At many funerals, priests claim the soul of the deceased person is "with the Lord," a somewhat confusing phrase. Many people are led to assume the person's soul is already in Heaven, but this is a terrible injustice to the soul that may be languishing in Purgatory.
The Catholic Church teaches that when a person's soul is separated from his body, he is judged in what's called the particular judgment and then it goes to Heaven, Hell or Purgatory.
If a person dies with even one unrepentant mortal sin on his soul, Hell is his eternal destination. But if he dies in the state of grace, he may still have to pass through Purgatory for purification but will eventually spend eternity in Heaven with God.
Purgatory is necessary because even if a soul is in the state of grace, only the perfect can enter Heaven. While God is merciful, people must atone for their sins either in this life or in Purgatory.
In her Treatise on Purgatory, St. Catherine of Genoa describes how a soul with even the smallest amount of sin would react in the presence of God if it was not completely purified in Purgatory:
To see God when full satisfaction had not yet been made Him, even if the time of purgation lacked but the twinkling of an eye, would be unbearable to that soul. It would sooner go to a thousand Hells, to rid itself of the little rust still clinging to it, than stand in the divine presence when it was not yet wholly cleansed.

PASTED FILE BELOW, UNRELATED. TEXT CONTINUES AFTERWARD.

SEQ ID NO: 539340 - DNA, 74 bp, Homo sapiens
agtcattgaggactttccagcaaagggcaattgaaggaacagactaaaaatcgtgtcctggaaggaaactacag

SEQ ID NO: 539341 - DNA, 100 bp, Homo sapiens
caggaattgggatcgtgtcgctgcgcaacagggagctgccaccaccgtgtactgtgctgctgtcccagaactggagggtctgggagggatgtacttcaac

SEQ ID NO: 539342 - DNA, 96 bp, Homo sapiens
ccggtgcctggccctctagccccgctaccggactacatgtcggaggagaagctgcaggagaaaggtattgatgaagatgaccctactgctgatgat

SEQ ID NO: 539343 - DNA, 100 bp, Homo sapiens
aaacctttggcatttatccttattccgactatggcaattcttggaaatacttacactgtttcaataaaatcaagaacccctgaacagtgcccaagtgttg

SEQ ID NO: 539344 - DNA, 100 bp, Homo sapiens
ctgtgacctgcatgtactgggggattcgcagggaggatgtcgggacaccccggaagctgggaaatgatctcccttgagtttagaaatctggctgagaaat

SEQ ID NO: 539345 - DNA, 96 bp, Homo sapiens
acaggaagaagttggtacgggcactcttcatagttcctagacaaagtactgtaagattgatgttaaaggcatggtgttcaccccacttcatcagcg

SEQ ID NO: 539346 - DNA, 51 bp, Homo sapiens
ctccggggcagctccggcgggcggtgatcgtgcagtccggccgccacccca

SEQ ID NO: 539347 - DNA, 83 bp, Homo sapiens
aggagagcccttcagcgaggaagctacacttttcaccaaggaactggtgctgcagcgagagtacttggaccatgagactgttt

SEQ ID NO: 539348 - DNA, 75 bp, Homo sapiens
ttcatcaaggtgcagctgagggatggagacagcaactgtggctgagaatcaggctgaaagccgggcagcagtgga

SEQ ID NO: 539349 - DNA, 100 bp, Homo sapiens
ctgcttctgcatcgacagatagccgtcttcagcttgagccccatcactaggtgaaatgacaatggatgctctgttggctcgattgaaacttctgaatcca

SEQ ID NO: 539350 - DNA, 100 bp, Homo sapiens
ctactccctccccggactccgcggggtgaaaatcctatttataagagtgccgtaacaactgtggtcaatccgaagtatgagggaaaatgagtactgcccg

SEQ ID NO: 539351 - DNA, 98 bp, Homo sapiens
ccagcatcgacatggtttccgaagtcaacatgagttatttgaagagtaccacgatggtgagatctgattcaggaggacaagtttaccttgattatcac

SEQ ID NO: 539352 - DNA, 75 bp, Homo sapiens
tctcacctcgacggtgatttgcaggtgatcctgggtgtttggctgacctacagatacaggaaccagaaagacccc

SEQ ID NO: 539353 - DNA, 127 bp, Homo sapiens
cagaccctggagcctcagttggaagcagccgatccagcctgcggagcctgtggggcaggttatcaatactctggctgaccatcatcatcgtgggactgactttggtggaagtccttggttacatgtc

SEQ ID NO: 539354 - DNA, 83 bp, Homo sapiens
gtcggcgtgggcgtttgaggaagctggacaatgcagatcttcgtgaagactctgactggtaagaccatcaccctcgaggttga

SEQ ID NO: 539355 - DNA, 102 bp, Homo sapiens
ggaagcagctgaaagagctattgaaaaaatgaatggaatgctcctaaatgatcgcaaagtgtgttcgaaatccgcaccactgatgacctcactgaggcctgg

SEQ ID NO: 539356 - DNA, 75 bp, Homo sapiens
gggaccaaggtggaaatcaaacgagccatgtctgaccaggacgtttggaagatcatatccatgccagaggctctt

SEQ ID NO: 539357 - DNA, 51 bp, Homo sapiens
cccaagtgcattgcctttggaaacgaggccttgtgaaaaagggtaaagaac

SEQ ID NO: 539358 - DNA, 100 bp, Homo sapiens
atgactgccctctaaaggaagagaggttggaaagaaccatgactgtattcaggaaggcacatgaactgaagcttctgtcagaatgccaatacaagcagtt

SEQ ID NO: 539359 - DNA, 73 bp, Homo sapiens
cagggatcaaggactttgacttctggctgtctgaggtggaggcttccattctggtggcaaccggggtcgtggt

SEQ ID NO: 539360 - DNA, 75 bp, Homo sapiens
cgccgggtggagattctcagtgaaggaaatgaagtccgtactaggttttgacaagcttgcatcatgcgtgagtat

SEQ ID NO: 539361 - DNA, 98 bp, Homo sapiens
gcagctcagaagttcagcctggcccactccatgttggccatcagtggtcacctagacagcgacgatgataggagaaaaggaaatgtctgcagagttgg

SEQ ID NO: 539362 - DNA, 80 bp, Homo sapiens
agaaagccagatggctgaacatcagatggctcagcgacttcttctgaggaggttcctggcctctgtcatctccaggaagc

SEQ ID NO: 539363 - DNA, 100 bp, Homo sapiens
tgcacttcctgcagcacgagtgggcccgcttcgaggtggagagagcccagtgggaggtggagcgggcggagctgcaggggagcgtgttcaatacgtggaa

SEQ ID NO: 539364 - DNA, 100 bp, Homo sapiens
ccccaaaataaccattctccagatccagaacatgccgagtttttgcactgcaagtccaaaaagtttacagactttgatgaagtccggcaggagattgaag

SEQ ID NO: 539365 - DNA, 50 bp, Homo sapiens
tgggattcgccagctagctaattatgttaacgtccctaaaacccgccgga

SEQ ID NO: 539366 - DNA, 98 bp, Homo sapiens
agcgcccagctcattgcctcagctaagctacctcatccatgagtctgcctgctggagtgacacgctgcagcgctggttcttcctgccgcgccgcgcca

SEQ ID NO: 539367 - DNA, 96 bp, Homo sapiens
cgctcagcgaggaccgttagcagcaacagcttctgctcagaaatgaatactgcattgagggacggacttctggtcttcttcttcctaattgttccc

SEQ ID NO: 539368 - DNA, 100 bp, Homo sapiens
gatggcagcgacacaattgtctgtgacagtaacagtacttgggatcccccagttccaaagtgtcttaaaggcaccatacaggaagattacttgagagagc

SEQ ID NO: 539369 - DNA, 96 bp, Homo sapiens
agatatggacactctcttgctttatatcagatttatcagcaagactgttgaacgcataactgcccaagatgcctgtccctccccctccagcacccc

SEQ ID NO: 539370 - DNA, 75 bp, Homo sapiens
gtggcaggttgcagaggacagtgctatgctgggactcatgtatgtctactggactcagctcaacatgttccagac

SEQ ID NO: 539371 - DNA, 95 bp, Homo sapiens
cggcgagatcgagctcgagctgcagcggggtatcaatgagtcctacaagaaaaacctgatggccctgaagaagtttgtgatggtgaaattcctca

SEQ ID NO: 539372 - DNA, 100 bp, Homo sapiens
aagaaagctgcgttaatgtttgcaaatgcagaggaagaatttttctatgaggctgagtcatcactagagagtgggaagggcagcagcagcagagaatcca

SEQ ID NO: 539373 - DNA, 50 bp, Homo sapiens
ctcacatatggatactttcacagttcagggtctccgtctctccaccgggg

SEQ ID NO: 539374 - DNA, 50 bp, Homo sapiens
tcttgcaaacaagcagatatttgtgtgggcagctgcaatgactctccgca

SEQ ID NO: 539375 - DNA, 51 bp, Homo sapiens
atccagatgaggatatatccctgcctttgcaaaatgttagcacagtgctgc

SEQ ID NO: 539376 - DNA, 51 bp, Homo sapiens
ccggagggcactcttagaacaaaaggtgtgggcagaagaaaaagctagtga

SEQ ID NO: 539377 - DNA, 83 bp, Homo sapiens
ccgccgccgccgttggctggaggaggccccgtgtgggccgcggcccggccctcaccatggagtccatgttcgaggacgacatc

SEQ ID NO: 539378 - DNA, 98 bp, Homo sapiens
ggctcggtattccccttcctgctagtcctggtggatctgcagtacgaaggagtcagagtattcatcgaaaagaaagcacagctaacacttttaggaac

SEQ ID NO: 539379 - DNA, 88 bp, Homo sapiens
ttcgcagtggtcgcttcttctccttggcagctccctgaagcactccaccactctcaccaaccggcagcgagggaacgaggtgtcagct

Redemptive suffering is the way people can atone for their sins while on earth. But suffering after death is far more intense. Several saints and holy writers have commented that the suffering souls endure in Purgatory is far worse than any suffering a person endures on earth.
Saint Catherine reveals that souls in Purgatory "endure a pain so extreme that no tongue can be found to tell it, nor could the mind understand its least pang if God by special grace did not [show] so much."
While the holy souls suffer more intensely than the mind of man can imagine, their consolations are also great.
Despite unimaginable suffering, Purgatory is also a place of consolation. According to the book Purgatory Explained, St. Francis de Sales revealed that thinking about purgatory should inspire people with consolation rather than terror.
He even claimed the contentment of the holy souls is greater than any contentment that can be offered on earth. There, souls can no longer push themselves away from God by committing sins. At every moment in Purgatory, they will only get closer to God by being purified.
Praying for the holy souls not only alleviates their suffering, but it also allows a person to contemplate where his own soul will dwell after death.
"Your time here is short, very short; take another look at the way in which you spend it. Here is man today; tomorrow, he is lost to view; and once a man is out of sight, it's not long before he passes out of mind," the book reminds its readers.
Learn more by watching The Download—Holy Suffering Souls.